Wednesday, May 03, 2017

 

Accreditation is for Proles


This week, two major stories came out detailing arguments by very elite, selective institutions to the effect that they should be exempt from the demands of regional accreditation.  They point to their reputations, graduation rates, and selectivity, and argue that their excellence speaks for itself.  Let the accreditors focus on troubled places, they say -- they call it “risk-adjusted accreditation” -- and leave the elites alone to do their elite thing.

(fingers tapping on the desk)

I try to keep the blog relatively free of profanity, so it’s difficult to convey the depth of my response.  To convey it visually, rather than verbally, I would need some anatomically correct dolls.

(fingers tapping on the desk)

“Accreditation is for proles,” the argument goes.  Rules don’t apply to the cool kids.

(fingers tapping on the desk)

No.  Ethically, morally, politically, common-sensically, economically.  No.

I’ll explain.

The WSJ article -- sorry for the paywall; I evernoted it before it was ransomed -- notes that

Some colleges with spectacular reputations and sky-high graduation rates complain that accreditation is little more than expensive paper-pushing that can lead to picayune demands from reviewers.

“Little more than expensive paper-pushing that can lead to picayune demands.”

Leave aside the implication that peer review is invalid because the elites are presumptively peerless.  That’s annoying, but secondary.  The real issue is that Princeton and Stanford shouldn’t have to pay people to gather data, but that community colleges and others that serve low-income students should.  This, while Princeton and Stanford maintain tax exemptions on endowments in the billions, and we take annual budget cuts.  The value of the tax exemption on Stanford’s endowment is greater than Brookdale’s entire operating budget in a given year, and they’re arguing that we should be subject to an unfunded mandate, but they shouldn’t be.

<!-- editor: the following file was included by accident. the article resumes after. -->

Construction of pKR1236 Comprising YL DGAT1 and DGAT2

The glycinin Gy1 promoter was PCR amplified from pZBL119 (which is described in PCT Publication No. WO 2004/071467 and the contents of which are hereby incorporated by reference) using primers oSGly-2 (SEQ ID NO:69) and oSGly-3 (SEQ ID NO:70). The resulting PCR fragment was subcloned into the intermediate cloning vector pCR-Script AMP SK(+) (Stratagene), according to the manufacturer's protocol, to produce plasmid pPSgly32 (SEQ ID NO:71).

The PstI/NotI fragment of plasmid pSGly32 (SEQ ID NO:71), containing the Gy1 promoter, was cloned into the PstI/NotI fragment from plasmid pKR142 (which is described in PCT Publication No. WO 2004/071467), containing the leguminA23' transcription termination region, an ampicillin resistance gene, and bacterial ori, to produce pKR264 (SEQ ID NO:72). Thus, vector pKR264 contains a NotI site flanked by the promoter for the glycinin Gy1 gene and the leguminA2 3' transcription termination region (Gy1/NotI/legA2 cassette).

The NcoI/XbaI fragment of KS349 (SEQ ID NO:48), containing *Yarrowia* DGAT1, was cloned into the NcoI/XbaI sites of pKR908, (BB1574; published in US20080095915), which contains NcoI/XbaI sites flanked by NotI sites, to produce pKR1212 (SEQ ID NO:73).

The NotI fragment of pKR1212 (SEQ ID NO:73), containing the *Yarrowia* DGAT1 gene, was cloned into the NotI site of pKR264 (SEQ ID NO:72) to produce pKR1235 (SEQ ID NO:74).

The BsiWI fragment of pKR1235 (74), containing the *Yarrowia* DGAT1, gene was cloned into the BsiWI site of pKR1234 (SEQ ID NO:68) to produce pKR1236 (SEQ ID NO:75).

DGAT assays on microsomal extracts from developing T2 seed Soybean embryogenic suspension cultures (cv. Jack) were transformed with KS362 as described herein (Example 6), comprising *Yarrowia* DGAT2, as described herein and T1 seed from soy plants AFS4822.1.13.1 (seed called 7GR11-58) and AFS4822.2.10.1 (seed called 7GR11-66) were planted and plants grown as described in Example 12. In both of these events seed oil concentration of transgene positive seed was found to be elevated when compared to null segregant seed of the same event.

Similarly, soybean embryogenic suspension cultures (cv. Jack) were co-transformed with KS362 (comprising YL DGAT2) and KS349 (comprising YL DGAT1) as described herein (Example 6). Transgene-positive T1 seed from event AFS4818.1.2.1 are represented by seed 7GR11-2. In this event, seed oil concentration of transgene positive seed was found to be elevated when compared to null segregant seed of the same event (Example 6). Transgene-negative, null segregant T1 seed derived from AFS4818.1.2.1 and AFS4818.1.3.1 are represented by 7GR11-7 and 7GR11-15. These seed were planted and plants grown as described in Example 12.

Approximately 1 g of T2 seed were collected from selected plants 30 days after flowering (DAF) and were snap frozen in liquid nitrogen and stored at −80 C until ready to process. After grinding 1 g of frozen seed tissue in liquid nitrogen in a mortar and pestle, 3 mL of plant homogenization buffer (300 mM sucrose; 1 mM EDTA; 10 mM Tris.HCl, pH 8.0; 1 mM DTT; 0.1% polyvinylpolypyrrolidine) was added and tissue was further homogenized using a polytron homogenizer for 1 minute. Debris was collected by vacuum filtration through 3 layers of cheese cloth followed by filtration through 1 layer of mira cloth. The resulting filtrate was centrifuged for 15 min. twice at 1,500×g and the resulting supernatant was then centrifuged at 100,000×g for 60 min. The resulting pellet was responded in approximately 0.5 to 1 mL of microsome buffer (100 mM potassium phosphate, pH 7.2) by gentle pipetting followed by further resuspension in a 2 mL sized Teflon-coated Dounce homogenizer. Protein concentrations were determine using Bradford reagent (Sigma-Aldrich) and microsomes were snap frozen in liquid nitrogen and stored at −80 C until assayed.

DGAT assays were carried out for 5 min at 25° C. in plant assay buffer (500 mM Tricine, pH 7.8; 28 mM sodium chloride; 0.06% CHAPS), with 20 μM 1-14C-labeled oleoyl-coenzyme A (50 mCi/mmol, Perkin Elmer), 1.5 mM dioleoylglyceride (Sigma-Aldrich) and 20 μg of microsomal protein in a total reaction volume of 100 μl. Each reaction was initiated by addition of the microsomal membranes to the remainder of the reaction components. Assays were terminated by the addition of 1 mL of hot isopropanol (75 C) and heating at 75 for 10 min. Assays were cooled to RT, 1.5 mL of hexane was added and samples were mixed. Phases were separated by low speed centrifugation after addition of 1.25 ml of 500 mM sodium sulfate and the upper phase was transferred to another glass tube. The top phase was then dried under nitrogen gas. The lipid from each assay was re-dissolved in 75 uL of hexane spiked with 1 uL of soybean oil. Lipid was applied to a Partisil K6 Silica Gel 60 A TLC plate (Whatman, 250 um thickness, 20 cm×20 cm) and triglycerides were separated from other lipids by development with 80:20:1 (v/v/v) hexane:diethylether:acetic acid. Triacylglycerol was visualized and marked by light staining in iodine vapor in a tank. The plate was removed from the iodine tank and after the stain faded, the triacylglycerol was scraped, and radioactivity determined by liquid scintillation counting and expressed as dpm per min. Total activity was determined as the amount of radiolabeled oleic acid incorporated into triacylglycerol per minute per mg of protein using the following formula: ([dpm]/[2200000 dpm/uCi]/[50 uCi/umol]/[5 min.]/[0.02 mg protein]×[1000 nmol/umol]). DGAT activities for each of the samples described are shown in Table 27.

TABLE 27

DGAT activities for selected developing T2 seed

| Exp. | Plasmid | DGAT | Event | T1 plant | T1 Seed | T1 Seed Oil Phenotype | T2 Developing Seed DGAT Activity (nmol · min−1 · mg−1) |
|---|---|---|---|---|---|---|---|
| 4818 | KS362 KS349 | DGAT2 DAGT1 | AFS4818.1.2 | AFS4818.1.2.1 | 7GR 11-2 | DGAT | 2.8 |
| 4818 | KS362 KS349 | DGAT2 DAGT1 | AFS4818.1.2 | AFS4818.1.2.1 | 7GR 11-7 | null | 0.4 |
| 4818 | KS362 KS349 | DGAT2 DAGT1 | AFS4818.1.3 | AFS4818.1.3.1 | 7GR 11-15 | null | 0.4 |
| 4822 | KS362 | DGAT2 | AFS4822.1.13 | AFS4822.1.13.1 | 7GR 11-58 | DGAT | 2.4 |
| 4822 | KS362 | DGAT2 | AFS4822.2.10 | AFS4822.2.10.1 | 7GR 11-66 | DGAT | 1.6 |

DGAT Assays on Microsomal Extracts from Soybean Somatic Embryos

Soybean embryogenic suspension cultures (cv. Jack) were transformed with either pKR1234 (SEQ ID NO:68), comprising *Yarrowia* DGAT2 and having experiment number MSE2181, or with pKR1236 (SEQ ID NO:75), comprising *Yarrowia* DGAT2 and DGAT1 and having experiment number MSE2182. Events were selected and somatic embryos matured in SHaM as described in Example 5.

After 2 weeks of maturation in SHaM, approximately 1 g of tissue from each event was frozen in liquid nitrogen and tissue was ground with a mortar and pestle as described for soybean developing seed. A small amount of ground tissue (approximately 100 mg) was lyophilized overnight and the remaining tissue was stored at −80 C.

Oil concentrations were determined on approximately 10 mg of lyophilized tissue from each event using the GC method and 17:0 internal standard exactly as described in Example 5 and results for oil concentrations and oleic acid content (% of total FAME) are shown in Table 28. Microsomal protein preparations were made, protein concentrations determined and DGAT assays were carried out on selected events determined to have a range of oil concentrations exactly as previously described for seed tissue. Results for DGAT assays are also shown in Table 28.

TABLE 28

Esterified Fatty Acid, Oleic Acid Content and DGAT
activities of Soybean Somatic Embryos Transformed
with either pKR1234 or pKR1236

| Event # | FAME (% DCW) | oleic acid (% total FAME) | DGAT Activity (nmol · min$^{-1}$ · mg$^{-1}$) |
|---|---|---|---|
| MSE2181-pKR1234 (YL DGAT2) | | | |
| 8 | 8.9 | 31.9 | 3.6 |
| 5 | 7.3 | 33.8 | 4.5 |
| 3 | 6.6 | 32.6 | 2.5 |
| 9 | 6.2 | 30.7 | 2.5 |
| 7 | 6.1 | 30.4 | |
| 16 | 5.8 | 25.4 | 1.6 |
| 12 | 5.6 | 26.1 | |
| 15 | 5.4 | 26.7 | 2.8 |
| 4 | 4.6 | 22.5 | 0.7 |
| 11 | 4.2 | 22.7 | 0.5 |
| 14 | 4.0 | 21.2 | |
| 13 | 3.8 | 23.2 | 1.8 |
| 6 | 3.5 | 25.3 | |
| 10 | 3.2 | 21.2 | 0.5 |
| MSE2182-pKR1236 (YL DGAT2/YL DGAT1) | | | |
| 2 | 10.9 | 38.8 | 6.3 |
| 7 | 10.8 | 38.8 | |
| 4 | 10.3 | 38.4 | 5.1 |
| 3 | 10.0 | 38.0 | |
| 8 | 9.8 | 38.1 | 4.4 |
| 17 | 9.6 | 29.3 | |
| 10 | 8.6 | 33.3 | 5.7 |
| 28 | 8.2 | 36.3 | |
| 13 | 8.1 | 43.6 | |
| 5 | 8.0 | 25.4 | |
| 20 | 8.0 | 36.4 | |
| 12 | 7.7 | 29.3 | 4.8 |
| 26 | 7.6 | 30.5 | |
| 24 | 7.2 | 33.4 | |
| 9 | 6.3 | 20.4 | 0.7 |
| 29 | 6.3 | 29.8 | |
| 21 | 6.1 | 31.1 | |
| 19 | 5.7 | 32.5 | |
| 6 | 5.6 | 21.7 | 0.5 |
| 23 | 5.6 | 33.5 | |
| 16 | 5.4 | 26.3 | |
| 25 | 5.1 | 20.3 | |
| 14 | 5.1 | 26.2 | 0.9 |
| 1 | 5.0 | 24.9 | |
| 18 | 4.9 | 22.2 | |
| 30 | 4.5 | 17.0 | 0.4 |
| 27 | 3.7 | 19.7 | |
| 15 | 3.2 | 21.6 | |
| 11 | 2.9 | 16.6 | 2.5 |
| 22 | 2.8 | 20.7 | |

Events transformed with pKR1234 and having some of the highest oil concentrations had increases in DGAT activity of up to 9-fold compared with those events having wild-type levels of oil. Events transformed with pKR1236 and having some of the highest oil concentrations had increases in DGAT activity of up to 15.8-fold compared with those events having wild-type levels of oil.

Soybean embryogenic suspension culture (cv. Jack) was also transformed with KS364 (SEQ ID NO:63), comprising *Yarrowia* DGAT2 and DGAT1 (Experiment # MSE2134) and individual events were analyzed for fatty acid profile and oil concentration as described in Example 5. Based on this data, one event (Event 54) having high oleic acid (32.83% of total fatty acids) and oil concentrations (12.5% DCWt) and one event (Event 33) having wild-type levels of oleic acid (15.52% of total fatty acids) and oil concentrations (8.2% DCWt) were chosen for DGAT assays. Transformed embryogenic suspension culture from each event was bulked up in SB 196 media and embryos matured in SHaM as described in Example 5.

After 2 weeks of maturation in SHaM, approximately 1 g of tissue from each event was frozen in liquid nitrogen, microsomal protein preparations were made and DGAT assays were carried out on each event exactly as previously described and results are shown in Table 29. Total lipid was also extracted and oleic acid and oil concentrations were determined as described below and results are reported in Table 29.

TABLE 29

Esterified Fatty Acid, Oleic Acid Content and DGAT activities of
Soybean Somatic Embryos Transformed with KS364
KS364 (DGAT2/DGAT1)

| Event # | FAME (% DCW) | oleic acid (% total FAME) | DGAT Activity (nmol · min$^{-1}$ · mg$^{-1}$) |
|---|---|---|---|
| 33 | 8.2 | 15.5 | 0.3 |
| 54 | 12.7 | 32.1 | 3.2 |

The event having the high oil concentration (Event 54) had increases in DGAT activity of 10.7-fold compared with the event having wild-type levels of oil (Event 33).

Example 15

It’s beyond offensive.  It’s almost cartoonish.  

Mar-a-Lago is subject to health inspectors in the kitchen.  Speed limits apply to limousines.  Even private jets have to submit to air traffic control.  

Accreditation sets out the rules of the road for granting degrees.  If the rules of the road are burdensome -- and sometimes they can be -- then the elites could use their clout to get those rules amended.  They don’t get to exempt themselves from the rules simply by virtue of being prominent, or rich, or well-known.

If we want to adjust for risk, let’s get the units of analysis right.  Right now, the institutions with the least risky students get the most money, and the ones with the riskiest students get the least money.  That amplifies risk.  If we want to adjust risk, let’s do it right.  Fund institutions -- and I’m counting tax exemptions on endowments as funding -- based on the relative financial need of their students.  We could set a standard dollar figure per student, and then fund to fill in the gap between what the students can reasonably pay and that figure.  Do that for a decade or two, and then talk to me about unfunded mandates.  

Stanford can handle the cost.  Harvard can handle the cost.  Community colleges are far more strapped, yet they propose to increase the costs for us.

As an interim step, maybe we charge a premium to the elites to be exempt, and then use the proceeds to pay for the costs of compliance for the rest of us.  We could send our bill for the Institutional Research Office to, say, Princeton.  It’s a stopgap, but it’s better.  They’d be free of scrutiny, and we’d be free of an unfunded mandate.  

But a blanket pass just for being rich?  No.  Just, no.



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